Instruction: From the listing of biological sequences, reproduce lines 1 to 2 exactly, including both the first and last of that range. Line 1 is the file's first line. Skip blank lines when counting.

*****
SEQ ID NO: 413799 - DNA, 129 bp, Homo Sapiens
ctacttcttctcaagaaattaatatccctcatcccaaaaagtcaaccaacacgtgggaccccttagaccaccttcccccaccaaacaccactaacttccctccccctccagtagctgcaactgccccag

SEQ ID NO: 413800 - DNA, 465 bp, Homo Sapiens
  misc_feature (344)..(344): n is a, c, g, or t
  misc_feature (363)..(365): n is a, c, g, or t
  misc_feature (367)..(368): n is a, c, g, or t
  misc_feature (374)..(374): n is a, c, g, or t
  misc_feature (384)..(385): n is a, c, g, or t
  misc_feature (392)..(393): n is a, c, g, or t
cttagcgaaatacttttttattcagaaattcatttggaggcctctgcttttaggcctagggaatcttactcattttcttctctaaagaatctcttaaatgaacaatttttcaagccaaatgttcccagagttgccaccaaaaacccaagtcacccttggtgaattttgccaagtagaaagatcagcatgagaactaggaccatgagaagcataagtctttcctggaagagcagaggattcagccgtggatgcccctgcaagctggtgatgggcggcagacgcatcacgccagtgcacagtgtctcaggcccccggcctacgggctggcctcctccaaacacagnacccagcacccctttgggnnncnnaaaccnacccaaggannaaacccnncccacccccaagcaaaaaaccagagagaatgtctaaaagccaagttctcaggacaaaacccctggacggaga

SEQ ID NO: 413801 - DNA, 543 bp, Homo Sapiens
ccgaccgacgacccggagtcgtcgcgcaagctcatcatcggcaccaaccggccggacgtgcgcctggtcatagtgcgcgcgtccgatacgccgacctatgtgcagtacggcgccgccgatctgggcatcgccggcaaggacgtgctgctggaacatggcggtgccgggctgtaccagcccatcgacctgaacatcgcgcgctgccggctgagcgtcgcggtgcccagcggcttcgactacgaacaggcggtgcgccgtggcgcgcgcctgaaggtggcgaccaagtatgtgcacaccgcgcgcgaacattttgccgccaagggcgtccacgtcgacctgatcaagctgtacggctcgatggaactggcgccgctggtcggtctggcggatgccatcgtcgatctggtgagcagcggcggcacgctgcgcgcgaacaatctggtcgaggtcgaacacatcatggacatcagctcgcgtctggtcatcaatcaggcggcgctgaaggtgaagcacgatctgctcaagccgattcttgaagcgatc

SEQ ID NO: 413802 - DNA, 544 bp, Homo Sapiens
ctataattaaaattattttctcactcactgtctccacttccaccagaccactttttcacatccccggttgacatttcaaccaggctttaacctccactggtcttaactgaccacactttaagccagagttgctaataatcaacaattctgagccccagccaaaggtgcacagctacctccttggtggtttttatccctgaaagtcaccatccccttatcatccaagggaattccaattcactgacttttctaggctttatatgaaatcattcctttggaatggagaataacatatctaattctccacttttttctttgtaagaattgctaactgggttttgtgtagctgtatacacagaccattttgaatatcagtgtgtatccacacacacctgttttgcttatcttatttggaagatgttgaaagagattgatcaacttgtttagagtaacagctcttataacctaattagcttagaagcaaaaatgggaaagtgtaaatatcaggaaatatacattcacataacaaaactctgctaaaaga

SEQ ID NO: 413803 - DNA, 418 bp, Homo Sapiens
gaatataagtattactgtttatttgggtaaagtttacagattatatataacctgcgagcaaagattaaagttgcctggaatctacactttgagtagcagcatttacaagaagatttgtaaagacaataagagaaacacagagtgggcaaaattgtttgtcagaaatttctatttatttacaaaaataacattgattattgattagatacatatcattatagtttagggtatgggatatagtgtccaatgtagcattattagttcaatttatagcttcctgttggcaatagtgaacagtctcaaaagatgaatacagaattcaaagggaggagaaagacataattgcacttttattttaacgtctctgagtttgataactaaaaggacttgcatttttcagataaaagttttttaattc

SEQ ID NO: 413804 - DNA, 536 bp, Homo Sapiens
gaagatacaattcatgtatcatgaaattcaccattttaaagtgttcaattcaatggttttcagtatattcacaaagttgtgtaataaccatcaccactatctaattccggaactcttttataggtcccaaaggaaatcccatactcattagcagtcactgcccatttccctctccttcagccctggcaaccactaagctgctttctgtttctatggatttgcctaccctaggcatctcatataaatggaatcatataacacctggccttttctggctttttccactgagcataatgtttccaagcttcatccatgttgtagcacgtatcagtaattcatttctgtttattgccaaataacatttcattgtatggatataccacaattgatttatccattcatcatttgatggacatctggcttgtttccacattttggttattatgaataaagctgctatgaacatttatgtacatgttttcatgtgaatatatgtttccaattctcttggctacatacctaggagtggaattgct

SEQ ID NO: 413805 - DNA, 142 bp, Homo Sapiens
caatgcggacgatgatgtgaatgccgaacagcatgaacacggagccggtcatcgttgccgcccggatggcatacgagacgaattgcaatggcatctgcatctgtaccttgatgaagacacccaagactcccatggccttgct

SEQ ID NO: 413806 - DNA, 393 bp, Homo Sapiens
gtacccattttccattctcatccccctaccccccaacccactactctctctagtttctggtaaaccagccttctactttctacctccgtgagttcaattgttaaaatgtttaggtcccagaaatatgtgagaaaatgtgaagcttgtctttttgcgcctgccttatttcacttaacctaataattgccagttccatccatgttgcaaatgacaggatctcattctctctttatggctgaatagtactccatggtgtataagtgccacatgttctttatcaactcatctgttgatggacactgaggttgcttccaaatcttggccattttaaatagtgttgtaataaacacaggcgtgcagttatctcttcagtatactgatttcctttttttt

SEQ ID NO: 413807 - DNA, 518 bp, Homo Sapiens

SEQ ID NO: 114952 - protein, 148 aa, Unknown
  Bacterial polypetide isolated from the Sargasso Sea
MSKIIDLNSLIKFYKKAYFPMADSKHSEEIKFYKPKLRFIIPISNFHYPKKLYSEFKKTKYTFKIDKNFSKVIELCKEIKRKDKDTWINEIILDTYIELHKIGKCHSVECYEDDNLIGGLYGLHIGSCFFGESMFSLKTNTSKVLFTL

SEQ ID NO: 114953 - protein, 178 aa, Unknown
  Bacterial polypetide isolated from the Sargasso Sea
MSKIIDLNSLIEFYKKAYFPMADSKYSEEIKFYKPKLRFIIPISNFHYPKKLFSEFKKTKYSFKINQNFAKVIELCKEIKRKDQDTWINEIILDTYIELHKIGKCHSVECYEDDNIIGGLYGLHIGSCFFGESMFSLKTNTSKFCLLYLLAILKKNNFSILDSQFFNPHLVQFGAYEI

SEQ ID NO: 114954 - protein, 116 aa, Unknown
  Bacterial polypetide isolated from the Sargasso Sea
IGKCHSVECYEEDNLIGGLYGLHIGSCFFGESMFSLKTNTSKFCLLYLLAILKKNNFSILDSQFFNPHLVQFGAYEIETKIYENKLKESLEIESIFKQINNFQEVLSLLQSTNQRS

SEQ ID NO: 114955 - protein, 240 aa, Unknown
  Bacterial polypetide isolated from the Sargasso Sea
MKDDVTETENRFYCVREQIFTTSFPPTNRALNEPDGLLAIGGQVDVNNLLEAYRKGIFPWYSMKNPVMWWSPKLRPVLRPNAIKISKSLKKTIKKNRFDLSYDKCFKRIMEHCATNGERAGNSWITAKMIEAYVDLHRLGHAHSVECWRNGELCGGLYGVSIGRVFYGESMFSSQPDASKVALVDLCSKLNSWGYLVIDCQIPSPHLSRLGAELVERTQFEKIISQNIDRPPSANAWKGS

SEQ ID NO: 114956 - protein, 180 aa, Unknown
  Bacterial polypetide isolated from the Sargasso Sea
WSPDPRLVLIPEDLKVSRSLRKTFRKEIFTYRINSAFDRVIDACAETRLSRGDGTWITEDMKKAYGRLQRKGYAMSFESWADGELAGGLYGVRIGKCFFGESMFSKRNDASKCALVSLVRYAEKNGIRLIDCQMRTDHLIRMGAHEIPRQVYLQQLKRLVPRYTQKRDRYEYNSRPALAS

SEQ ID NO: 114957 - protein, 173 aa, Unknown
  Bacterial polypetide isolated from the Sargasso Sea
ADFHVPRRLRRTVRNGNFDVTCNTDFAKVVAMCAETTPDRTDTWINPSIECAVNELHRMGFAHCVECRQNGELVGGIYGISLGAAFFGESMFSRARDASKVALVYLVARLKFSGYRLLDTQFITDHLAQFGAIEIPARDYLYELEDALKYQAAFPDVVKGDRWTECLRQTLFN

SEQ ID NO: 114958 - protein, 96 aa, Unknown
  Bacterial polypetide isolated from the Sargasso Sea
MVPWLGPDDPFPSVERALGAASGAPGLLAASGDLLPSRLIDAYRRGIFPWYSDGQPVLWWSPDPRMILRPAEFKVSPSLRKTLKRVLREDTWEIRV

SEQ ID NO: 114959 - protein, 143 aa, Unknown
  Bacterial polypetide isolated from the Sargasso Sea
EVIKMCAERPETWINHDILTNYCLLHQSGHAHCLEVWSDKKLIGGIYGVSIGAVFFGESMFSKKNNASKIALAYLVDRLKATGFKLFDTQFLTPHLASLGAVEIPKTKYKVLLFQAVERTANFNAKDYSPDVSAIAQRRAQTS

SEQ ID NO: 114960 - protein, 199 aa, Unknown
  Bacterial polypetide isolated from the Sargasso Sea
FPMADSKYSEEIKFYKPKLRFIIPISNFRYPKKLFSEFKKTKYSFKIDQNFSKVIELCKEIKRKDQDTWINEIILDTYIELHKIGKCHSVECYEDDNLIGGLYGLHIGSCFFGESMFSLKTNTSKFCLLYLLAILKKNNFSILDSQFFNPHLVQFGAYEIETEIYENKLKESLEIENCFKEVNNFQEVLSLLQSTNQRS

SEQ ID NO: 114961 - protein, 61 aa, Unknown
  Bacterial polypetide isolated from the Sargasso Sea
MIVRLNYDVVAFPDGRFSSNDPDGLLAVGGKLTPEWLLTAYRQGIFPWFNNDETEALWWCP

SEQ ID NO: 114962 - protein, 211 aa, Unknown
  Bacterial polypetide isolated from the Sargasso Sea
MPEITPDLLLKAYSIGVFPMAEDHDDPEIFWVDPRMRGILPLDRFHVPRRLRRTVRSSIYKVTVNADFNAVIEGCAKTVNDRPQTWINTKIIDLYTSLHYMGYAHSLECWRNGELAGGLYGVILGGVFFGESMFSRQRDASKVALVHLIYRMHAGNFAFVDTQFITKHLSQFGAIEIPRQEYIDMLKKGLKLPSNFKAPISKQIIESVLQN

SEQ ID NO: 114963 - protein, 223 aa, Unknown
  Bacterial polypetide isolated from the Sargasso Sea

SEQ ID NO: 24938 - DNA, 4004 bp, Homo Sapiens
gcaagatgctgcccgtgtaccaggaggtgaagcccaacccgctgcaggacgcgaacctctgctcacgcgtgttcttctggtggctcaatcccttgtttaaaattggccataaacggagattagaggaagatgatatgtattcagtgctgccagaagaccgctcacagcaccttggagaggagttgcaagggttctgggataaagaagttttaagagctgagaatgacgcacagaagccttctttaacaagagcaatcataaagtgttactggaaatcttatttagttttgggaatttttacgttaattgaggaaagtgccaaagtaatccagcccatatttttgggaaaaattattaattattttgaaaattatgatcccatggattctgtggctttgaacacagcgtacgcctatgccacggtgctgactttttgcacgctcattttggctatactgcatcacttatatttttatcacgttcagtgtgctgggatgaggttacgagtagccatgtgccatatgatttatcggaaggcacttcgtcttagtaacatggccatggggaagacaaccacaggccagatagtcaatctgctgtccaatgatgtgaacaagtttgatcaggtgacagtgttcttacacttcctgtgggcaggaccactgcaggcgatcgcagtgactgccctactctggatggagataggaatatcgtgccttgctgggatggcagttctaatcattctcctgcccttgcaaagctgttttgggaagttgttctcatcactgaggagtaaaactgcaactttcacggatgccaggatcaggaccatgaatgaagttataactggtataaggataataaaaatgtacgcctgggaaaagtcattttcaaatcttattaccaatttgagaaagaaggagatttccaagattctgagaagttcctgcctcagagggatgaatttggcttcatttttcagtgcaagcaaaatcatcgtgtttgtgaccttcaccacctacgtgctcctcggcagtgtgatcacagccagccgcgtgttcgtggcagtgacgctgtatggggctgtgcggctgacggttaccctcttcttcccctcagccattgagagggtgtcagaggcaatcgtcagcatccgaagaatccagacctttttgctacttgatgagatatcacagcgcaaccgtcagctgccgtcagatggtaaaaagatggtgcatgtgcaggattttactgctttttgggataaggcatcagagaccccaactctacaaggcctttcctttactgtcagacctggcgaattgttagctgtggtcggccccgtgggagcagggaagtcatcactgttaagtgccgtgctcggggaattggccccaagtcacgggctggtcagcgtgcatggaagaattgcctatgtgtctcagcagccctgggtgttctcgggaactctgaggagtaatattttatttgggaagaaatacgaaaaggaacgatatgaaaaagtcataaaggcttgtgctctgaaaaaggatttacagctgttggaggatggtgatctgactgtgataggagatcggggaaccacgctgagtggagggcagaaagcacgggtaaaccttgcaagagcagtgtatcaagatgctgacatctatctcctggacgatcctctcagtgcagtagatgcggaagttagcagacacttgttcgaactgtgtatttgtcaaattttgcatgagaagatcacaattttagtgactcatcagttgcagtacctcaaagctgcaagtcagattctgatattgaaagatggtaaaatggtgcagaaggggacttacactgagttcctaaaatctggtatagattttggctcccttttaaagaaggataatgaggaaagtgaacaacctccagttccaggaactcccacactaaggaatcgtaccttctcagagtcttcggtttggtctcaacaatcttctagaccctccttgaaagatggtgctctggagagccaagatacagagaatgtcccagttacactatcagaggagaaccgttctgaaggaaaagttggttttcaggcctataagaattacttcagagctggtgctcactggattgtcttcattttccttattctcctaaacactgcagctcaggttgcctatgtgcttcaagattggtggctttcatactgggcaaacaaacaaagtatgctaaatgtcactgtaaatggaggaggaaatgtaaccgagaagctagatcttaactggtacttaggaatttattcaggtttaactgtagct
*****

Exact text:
SEQ ID NO: 413799 - DNA, 129 bp, Homo Sapiens
ctacttcttctcaagaaattaatatccctcatcccaaaaagtcaaccaacacgtgggaccccttagaccaccttcccccaccaaacaccactaacttccctccccctccagtagctgcaactgccccag